EDITORIAL Gavin Newsom doesn't want to take direct questions from the supervisors. He rarely gets asked tough questions from the press and almost never from the public. Instead, as Steven T. Jones and Sarah Phelan report ("Mayor Chicken," page 13), all of his appearances are scripted, and he does a mighty job of ducking the hard questions.
But if he is indeed going to be holding a series of town hall meetings over the next few months, there's a chance for the voters to pin him down. Read more »
The format is always the same: Mayor Gavin Newsom shows up at a carefully scouted location somewhere in the city with his perfect tie and perfect hair. He brings a cadre of department heads in tow, sending the clear message that he can deliver government services to the public. He takes a few questions from the audience, but the format allows him to deflect anything tough, to delegate any problems to department heads, and to offer a thoughtful "we'll look into that" when the need arises.Read more »
Oakland freelance writer and radio journalist Sarah Olson has a tall, willowy frame; long silky hair; and a clearly articulated understanding of the reasons she believes that testifying against a source, First Lt. Read more »
Recently, my boyfriend and I were at a strip club and bought a lap dance. My experience has been that, as a girl, the hands-off rule generally doesn't apply to me. However, out of respect for the girl, I don't touch until she invites me to. This one invited me to touch her. Caught up in the moment, my boyfriend asked, "Can she touch your pussy?" I was a bit shocked because I assumed that was off-limits, but she said, "She can, but you can't." So I started touching her on the outside of her G-string. Read more »
OPINION I'm not sure why the new movie The Pursuit of Happyness, starring Will Smith and his son, Jaden Smith, based on the life of previously homeless Chris Gardner's rise to millionaire, is so hard to write about. I am rarely at a loss for words, especially about poverty, homelessness, and racism. Perhaps it's because this movie made me so sad that even as I try for the 40th time to write this, my eyes well up with broken tears. Read more »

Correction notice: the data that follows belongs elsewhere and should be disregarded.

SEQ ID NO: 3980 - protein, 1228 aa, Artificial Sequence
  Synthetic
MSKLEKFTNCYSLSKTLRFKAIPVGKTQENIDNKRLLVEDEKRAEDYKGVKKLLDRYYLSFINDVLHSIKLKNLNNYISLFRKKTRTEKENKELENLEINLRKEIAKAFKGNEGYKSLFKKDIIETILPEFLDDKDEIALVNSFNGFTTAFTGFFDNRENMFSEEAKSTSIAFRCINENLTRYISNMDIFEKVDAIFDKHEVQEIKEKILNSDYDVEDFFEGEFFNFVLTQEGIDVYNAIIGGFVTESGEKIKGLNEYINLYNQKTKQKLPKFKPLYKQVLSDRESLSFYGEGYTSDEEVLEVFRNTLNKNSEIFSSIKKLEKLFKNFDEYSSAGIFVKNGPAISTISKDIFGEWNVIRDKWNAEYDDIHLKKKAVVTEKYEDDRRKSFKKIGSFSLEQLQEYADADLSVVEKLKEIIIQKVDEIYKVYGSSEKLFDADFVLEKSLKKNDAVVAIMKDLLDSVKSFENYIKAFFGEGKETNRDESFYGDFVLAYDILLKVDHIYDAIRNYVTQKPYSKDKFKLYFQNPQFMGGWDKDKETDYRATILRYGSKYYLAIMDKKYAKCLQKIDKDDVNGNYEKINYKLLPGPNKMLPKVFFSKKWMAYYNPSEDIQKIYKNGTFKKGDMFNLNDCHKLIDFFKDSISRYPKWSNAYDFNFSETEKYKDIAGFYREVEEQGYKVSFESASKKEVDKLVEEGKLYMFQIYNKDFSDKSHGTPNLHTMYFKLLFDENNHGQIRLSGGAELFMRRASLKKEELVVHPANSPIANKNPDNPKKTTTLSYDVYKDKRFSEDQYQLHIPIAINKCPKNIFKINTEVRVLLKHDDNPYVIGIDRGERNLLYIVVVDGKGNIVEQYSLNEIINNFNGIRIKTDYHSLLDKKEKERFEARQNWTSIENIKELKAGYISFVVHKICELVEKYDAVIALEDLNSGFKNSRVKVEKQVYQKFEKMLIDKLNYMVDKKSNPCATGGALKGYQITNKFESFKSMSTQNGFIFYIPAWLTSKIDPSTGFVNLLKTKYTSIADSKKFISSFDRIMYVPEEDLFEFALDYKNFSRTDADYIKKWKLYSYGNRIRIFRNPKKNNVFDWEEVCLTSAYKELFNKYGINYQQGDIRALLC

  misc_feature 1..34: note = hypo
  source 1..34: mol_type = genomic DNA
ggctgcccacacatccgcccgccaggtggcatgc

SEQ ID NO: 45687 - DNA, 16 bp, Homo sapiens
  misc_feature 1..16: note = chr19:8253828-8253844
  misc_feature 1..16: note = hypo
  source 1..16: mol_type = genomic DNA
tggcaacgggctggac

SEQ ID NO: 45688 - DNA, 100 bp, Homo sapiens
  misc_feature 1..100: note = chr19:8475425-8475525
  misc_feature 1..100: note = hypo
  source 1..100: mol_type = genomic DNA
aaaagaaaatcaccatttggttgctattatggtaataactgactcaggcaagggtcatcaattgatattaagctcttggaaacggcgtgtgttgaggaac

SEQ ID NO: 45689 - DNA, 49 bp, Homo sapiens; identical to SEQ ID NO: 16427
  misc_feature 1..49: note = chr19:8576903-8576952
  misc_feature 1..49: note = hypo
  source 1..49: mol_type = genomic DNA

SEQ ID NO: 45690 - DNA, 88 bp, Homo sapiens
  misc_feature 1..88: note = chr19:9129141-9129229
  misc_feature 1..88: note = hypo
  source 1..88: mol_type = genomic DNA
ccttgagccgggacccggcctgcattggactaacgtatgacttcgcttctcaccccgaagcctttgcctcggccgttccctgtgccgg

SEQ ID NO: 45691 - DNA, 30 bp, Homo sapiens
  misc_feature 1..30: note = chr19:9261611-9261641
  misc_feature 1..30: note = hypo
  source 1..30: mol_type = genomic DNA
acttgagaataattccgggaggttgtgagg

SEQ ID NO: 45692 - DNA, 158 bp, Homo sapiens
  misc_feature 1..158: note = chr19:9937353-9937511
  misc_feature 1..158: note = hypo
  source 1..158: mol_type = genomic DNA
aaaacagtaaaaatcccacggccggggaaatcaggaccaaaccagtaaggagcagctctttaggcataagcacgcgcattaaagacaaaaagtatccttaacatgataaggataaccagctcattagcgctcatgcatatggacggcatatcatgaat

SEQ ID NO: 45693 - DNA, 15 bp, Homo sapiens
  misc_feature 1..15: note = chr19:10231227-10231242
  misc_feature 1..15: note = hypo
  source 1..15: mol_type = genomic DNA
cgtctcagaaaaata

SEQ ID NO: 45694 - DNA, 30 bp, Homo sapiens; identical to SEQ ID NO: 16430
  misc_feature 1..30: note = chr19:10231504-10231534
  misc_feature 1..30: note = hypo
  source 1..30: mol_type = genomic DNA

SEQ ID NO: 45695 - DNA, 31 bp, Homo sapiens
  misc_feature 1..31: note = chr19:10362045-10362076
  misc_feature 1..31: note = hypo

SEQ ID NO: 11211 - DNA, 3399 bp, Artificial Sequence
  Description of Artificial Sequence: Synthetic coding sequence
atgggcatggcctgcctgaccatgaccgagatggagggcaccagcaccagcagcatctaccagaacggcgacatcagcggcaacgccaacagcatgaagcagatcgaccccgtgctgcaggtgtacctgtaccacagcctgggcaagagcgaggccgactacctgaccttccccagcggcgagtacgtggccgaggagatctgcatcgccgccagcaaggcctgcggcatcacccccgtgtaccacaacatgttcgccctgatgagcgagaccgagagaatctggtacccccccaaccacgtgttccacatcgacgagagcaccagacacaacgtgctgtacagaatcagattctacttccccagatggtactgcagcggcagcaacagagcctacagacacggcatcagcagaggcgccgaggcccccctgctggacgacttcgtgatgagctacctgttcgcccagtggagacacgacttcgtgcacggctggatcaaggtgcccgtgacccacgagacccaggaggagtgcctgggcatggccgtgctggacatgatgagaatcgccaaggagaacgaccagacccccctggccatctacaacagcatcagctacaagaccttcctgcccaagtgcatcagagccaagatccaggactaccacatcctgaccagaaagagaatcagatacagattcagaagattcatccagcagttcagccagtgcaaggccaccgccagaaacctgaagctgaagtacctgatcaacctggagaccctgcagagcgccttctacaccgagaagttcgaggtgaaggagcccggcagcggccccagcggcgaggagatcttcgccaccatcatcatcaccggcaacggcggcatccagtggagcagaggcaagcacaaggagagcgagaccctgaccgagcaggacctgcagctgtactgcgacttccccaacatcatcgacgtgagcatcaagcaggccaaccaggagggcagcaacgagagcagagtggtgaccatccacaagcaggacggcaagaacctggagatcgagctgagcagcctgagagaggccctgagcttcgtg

EDITORIAL Basic municipal infrastructure roads, water and sewer pipes, train tracks, airports, that sort of thing has traditionally been owned and operated by the public sector, and for good reason: private experiments with toll roads, profit-motivated water companies, and even city rail companies have typically been disasters. Read more »
EDITORIAL When you decide to buy your vegetables at a local grocery store, not at Safeway, or when you buy your books at the neighborhood bookstore instead of Barnes and Noble, or when you buy hardware from a store down the street, not from Home Depot, you're actually doing something profoundly radical. Read more »
Every time I have a problem with my cable TV service, I'm reminded how much I hate Comcast and why the city ought to be running its own municipal cable system.
The latest saga: a couple days ago, late in the afternoon, I was hanging out with my kids, and I noticed that we'd lost the signal on the TV. Yes, I am a terrible parent the kids don't need to watch TV at all, certainly not in the afternoon on a weekday. Read more »